Two major security flaws have been uncovered in both Intel and ARM-based processors and have been named ‘Meltdown’ and ‘Spectre’. Affecting a significant portion of the world's computer processors these security flaws render computer processors vulnerable to hackers.
While they might sound like James Bond films, however, they are in fact severe security flaws.
The short ‘Too Long Did not Read' (TLDR) is that these two flaws could make it easier for something like a malicious program to steal data that is stored in the memory of other running programs. This data could contain passwords, personal and financial data.
Meltdown, discovered by researchers from Google's Project Zero, the Technical University of Graz in Austria and the security firm Cerberus Security in Germany, affects Intel, ARM, and other processors. Meltdown could, for example, leave passwords and personal data vulnerable to attacks, and could be applied to different cloud service providers as well as individual devices. It is believed that Meltdown could affect every processor since 1995, except for Intel Itanium and Intel Atom before 2013.
Spectre, which affects Intel, AMD and ARM (mainly Cortex-A) processors, allows applications to be tricked into leaking confidential information. Spectre affects almost all systems including desktops, laptops, cloud servers, and smartphones.
It should be said that researchers have uncovered the existence of the flaws, and while the potential for exploitation is there, there have been no known exploits to date. In the light of the wide publicity that the existence of the flaws has received, this could change.
Intel has announced that it is working with AMD, ARM, other technology companies and some operating system vendors to find a fix. Intel and ARM are also planning to release patches for the flaws in upcoming software updates from them and operating system makers.
Google has said that the flaw did not exist in many of its products, and it has mitigated the issue in those products where it was present. Google has also said that an upcoming browser update (Chrome 64) will offer further protection when it is rolled out on 23 January.
Microsoft has released an emergency patch for all Windows 10 devices with other updates for other Windows versions scheduled for release within days.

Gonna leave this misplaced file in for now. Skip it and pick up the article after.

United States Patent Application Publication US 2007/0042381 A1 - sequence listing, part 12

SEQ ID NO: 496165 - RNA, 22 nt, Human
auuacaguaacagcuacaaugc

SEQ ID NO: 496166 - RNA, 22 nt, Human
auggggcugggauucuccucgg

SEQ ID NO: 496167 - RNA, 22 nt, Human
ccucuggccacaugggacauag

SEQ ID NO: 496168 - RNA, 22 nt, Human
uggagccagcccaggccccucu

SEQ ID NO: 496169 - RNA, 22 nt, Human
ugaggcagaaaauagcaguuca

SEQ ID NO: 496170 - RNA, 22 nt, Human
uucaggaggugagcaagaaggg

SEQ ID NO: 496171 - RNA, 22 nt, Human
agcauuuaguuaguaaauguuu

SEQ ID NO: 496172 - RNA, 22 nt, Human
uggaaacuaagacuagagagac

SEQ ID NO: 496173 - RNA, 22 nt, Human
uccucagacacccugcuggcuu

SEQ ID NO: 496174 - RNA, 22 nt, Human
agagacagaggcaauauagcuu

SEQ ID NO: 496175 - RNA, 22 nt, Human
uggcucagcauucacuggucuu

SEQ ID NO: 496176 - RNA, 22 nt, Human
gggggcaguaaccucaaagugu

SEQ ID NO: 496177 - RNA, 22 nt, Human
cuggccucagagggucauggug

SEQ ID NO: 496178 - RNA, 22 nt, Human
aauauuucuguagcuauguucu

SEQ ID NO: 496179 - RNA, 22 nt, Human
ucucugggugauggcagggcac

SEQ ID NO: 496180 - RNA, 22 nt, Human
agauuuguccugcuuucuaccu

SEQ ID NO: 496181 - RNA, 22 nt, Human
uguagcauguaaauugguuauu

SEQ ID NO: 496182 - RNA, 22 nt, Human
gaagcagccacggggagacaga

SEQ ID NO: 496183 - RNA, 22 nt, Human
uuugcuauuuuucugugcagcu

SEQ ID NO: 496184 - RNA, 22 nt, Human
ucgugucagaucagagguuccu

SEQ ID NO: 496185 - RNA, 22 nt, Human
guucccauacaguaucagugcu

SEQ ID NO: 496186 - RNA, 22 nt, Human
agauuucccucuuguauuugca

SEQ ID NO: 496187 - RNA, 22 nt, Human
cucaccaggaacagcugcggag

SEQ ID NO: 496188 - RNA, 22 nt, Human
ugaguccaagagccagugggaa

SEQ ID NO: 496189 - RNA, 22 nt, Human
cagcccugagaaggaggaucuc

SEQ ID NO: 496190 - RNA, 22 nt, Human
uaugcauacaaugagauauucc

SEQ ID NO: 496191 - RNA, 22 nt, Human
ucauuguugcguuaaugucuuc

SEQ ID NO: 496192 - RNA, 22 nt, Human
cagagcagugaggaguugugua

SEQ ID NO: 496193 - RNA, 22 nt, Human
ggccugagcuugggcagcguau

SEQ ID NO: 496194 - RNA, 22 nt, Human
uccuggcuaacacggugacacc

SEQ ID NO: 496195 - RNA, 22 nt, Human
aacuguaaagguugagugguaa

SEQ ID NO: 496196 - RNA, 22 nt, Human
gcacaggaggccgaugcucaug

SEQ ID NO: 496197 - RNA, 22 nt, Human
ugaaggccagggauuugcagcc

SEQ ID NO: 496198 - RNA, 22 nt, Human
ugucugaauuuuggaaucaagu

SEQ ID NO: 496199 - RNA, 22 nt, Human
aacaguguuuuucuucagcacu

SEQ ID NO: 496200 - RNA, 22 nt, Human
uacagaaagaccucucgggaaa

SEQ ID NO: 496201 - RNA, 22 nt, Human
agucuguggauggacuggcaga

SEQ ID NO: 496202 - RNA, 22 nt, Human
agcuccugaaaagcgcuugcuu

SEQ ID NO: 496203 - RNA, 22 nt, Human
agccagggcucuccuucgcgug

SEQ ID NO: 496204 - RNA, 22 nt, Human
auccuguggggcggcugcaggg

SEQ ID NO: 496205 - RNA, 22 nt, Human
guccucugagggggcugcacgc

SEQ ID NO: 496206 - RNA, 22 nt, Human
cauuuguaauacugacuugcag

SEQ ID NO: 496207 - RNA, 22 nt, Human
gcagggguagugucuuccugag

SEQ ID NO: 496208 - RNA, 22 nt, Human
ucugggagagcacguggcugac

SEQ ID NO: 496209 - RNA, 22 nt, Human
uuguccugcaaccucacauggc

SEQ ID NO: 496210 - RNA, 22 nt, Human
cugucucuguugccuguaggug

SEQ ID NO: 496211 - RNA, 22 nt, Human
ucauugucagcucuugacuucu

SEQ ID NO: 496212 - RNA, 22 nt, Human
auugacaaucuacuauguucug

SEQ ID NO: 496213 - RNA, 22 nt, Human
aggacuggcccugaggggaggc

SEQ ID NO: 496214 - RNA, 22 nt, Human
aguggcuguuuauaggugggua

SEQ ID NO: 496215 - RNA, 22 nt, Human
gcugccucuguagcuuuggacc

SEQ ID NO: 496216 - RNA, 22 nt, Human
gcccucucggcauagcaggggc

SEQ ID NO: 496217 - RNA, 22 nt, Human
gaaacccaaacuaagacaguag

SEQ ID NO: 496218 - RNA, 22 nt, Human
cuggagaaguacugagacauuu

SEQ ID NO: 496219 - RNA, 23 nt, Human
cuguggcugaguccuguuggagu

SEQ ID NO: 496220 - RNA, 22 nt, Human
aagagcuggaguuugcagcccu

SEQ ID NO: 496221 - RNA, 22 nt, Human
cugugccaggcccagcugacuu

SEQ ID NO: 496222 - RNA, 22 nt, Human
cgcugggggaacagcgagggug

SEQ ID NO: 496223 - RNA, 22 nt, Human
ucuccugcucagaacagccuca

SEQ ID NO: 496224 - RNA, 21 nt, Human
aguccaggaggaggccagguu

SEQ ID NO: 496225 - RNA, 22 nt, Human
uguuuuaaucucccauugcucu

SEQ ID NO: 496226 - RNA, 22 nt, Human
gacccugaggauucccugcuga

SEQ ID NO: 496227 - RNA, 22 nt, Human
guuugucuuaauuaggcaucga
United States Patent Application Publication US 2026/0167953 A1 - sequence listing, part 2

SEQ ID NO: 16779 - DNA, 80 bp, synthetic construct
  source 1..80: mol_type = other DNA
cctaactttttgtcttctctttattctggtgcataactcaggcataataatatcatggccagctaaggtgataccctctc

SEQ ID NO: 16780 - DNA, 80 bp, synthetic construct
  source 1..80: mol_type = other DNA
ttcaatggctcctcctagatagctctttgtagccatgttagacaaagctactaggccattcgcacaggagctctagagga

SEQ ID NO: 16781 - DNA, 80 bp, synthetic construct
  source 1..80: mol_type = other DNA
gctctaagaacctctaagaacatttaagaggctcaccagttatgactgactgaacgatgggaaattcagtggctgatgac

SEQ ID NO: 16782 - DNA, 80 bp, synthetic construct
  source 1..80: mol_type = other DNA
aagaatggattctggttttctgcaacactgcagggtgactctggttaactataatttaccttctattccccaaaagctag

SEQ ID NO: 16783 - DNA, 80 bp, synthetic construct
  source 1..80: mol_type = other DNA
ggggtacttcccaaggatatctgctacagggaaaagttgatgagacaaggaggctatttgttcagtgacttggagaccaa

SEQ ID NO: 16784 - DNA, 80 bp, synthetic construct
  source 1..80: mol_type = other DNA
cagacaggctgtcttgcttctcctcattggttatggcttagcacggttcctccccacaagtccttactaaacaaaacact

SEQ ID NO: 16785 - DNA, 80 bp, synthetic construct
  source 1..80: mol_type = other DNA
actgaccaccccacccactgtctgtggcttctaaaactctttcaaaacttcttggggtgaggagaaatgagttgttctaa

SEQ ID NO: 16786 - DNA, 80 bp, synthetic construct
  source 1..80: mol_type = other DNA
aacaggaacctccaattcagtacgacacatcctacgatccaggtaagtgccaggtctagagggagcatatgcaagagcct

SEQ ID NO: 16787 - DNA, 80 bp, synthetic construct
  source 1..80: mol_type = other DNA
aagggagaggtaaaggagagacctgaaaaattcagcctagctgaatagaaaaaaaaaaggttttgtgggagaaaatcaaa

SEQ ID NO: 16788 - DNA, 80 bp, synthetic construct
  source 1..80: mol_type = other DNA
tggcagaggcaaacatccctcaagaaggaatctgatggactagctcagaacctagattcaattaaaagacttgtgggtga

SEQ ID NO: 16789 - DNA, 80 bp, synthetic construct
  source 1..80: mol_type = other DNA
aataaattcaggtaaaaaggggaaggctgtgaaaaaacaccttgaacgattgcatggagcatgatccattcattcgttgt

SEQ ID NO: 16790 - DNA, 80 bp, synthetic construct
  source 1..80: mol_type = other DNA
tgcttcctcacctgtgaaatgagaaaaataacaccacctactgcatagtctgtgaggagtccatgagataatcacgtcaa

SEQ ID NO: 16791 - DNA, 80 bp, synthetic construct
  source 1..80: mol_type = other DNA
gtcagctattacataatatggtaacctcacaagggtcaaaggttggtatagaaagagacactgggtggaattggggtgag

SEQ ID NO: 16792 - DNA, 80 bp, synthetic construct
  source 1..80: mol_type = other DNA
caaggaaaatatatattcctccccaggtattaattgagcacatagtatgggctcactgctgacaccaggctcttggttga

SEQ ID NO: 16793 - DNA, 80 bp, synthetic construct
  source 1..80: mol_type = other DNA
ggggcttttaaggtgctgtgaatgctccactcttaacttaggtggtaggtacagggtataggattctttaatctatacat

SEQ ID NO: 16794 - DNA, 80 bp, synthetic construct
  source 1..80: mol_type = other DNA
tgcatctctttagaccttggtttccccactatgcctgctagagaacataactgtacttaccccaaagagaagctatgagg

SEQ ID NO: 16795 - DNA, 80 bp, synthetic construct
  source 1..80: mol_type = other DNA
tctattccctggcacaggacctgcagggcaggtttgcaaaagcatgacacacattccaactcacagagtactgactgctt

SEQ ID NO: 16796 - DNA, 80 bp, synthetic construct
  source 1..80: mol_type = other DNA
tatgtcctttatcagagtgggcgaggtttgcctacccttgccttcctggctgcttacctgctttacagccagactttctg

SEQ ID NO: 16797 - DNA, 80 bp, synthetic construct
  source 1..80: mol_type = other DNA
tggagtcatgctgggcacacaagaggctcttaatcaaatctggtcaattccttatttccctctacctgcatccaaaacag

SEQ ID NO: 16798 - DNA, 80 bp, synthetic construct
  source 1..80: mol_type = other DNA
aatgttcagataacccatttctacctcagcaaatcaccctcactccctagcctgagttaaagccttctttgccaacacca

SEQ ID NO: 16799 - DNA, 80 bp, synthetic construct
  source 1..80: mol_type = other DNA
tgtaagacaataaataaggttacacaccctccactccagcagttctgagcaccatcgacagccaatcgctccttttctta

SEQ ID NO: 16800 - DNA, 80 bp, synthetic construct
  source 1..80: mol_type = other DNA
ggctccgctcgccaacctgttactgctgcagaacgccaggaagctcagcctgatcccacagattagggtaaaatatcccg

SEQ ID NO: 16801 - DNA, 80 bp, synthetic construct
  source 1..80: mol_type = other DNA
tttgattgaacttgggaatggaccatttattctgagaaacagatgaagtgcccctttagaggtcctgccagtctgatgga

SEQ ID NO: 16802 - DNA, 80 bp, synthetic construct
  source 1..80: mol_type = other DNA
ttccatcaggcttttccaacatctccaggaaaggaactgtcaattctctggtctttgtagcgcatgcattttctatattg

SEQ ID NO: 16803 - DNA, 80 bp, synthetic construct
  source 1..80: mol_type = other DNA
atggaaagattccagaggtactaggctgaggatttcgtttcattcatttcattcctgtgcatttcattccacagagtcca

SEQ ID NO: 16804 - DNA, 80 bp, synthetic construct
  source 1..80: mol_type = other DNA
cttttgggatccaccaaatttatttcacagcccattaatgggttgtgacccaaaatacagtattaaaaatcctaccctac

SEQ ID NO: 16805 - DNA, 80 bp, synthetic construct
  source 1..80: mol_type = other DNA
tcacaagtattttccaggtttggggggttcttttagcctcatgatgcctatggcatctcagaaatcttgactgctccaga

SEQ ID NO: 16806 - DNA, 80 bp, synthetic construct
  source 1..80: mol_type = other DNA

Amazon is reported to have said that its whole EC2 fleet is now protected.
Apple has issued a partial fix in macOS 10.13.2 and will continue to fix the issue in 10.3.3.
It is highly likely that your devices are affected by these flaws because they are hardware flaws at an architectural level, more or less across the board for all devices that use processors.
Although closing hardware flaws using software patches is a big job for manufacturers and software companies, it is the only quick answer to such a large-scale problem. Some patches may come in the form of a Firmware upgrade which may require planning before applying – typically a firmware update is intrusive and requires a reboot.
Regular patching is a good baseline security habit. Research from summer 2017 (Fortinet Global Threat Landscape Report) showed that 9 out of 10 impacted businesses get hacked through unpatched vulnerabilities and that many of these vulnerabilities are 3 or more years old with already patches available to address these vulnerabilities.
It is worth refreshing your employees on the following guidelines:
• Never download unknown or unapproved software from the internet. If in doubt, check with our helpdesk.
• Never open unsolicited attachments in emails, even if it is from a known email address.
• Always pay attention when operating systems such as Windows prompt to restart to apply updates – some patches and fixes will have no effect until the system is rebooted.
As with all patching, it is important to keep your software up-to-date too (not just your Operating System) including your security products such as anti-malware and anti-virus.
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